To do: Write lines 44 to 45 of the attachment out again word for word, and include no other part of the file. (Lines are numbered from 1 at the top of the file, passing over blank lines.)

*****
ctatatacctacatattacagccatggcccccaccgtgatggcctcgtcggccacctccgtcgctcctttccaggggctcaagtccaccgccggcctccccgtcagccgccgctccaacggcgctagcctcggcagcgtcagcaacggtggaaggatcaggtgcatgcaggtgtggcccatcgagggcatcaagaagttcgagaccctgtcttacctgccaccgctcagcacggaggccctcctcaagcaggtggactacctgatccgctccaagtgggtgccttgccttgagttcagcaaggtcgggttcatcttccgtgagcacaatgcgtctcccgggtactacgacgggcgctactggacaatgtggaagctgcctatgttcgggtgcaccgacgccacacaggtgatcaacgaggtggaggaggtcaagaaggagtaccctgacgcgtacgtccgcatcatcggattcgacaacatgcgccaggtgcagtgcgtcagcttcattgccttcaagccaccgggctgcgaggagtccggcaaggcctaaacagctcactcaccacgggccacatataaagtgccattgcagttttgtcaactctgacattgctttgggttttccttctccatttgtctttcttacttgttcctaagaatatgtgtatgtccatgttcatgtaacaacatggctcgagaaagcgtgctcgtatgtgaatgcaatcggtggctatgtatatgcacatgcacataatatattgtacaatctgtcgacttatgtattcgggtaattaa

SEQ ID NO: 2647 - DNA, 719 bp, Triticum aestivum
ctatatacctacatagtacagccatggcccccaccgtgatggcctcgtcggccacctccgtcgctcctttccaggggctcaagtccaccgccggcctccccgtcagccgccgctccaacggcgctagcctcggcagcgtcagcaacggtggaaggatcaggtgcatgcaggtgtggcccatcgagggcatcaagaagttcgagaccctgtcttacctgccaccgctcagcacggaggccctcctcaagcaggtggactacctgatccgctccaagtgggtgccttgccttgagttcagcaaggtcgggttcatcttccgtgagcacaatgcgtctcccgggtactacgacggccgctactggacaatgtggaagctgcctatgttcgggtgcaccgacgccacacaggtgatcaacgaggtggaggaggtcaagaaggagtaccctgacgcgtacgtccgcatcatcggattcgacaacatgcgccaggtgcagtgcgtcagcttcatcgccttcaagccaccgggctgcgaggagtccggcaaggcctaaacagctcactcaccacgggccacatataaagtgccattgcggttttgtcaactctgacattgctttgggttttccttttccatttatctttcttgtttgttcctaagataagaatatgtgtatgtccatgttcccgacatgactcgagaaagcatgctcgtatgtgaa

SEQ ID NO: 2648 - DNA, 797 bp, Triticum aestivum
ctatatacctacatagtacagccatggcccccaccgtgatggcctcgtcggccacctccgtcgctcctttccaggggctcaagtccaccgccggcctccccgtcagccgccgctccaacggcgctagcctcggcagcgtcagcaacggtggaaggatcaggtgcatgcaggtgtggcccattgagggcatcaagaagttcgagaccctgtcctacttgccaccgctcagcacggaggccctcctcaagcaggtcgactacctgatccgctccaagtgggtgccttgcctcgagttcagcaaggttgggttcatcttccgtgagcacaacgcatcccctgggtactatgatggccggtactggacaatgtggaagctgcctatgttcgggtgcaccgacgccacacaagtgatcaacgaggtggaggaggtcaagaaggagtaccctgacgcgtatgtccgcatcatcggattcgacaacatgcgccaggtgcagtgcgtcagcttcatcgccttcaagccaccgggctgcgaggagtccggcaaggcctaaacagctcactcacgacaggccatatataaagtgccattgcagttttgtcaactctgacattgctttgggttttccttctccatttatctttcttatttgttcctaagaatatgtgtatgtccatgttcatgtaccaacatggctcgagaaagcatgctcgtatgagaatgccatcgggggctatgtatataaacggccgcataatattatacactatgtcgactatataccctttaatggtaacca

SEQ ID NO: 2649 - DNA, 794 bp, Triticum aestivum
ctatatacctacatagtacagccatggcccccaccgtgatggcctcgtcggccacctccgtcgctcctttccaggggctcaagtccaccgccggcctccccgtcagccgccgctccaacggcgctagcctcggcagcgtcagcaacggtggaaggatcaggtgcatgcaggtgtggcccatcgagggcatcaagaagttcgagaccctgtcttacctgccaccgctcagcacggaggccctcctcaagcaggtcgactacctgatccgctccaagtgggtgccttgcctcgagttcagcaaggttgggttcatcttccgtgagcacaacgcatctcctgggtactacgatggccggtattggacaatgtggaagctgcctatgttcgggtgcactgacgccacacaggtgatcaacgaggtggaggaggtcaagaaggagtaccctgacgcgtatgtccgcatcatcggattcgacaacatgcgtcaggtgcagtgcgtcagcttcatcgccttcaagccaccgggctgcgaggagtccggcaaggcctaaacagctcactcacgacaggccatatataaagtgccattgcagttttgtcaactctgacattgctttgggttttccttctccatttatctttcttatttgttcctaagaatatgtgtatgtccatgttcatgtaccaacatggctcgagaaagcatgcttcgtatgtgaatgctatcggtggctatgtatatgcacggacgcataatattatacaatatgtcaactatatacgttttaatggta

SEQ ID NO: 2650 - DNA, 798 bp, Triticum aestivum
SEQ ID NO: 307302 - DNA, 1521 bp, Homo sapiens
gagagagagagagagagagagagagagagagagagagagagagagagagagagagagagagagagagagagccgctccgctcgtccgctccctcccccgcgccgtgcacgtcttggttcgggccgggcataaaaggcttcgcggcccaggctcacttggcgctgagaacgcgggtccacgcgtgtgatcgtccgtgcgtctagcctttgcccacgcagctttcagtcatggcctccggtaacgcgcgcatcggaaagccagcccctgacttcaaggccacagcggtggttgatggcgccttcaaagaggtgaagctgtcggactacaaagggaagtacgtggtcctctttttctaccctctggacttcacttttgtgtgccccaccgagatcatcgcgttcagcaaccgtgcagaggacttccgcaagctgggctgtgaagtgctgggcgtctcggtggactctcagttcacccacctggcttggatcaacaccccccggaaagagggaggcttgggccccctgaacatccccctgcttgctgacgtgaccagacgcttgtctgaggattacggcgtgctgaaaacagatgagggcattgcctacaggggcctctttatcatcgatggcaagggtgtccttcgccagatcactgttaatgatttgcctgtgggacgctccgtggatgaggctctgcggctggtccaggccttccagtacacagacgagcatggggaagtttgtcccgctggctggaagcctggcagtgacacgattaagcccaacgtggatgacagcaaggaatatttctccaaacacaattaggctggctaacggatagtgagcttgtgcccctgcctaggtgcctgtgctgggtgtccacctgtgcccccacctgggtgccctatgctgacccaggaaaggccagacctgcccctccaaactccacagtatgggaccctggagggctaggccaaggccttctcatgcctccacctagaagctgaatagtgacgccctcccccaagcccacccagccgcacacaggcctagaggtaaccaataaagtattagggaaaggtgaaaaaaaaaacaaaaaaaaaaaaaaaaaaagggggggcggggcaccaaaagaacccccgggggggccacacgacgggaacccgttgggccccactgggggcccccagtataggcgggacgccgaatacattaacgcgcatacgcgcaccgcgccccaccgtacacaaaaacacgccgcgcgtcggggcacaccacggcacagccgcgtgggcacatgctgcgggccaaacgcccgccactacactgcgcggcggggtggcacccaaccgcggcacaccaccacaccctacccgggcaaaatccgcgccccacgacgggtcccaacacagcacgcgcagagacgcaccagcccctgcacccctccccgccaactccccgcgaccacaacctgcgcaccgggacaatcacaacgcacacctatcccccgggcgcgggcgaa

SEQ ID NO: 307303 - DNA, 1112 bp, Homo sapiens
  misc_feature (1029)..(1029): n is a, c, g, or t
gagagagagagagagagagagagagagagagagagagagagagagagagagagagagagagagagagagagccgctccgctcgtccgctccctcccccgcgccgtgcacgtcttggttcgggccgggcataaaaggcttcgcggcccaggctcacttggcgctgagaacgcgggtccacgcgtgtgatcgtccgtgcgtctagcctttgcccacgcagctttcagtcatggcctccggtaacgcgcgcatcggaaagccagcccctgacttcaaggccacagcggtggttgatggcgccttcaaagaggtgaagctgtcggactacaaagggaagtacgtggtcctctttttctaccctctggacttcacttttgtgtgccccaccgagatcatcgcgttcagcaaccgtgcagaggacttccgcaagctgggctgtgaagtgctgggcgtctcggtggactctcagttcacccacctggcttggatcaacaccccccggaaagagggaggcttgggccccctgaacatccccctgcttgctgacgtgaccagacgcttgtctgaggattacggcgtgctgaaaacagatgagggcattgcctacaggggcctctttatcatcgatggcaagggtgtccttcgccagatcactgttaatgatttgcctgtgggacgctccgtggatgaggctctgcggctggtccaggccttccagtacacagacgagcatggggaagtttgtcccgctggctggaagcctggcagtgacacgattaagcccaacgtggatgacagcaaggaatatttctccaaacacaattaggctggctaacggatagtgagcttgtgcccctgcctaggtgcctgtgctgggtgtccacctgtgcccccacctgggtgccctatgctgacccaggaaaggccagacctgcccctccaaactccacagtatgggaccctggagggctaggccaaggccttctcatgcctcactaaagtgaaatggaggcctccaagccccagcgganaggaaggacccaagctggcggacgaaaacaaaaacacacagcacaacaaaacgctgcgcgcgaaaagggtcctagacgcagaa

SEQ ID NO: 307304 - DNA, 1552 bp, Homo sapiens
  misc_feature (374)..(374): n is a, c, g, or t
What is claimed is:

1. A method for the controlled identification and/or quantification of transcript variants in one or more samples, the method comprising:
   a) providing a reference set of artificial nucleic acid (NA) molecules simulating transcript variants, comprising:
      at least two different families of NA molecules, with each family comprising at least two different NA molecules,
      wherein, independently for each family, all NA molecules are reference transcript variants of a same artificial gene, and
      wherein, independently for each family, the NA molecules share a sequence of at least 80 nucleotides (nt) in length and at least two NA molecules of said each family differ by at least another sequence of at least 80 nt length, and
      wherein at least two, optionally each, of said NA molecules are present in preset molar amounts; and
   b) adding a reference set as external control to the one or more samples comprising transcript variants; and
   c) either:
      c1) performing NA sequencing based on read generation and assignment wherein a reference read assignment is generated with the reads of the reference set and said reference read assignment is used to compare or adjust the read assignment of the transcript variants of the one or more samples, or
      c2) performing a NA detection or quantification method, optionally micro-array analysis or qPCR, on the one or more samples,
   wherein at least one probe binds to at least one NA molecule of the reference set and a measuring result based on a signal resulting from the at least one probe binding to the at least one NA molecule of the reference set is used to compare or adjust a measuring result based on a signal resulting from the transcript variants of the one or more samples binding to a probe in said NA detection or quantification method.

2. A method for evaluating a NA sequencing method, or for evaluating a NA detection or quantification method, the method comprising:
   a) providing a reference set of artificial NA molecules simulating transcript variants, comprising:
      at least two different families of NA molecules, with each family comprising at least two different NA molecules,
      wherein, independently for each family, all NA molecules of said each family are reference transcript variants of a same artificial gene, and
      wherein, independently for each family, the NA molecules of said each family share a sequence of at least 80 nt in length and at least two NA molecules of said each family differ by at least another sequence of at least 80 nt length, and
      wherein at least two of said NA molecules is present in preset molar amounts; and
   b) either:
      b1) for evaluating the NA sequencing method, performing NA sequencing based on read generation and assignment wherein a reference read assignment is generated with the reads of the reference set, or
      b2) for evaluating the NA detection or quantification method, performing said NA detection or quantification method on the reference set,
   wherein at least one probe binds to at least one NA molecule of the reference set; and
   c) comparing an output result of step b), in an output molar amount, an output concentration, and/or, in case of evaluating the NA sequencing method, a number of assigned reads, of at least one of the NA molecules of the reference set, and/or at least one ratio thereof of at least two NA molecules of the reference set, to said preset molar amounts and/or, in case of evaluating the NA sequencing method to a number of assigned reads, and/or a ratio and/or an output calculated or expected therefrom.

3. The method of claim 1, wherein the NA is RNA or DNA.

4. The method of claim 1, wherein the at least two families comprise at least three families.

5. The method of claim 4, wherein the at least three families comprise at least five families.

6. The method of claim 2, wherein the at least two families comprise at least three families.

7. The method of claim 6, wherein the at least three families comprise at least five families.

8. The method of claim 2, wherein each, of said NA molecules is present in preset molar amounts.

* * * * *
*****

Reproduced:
8. The method of claim 2, wherein each, of said NA molecules is present in preset molar amounts.

* * * * *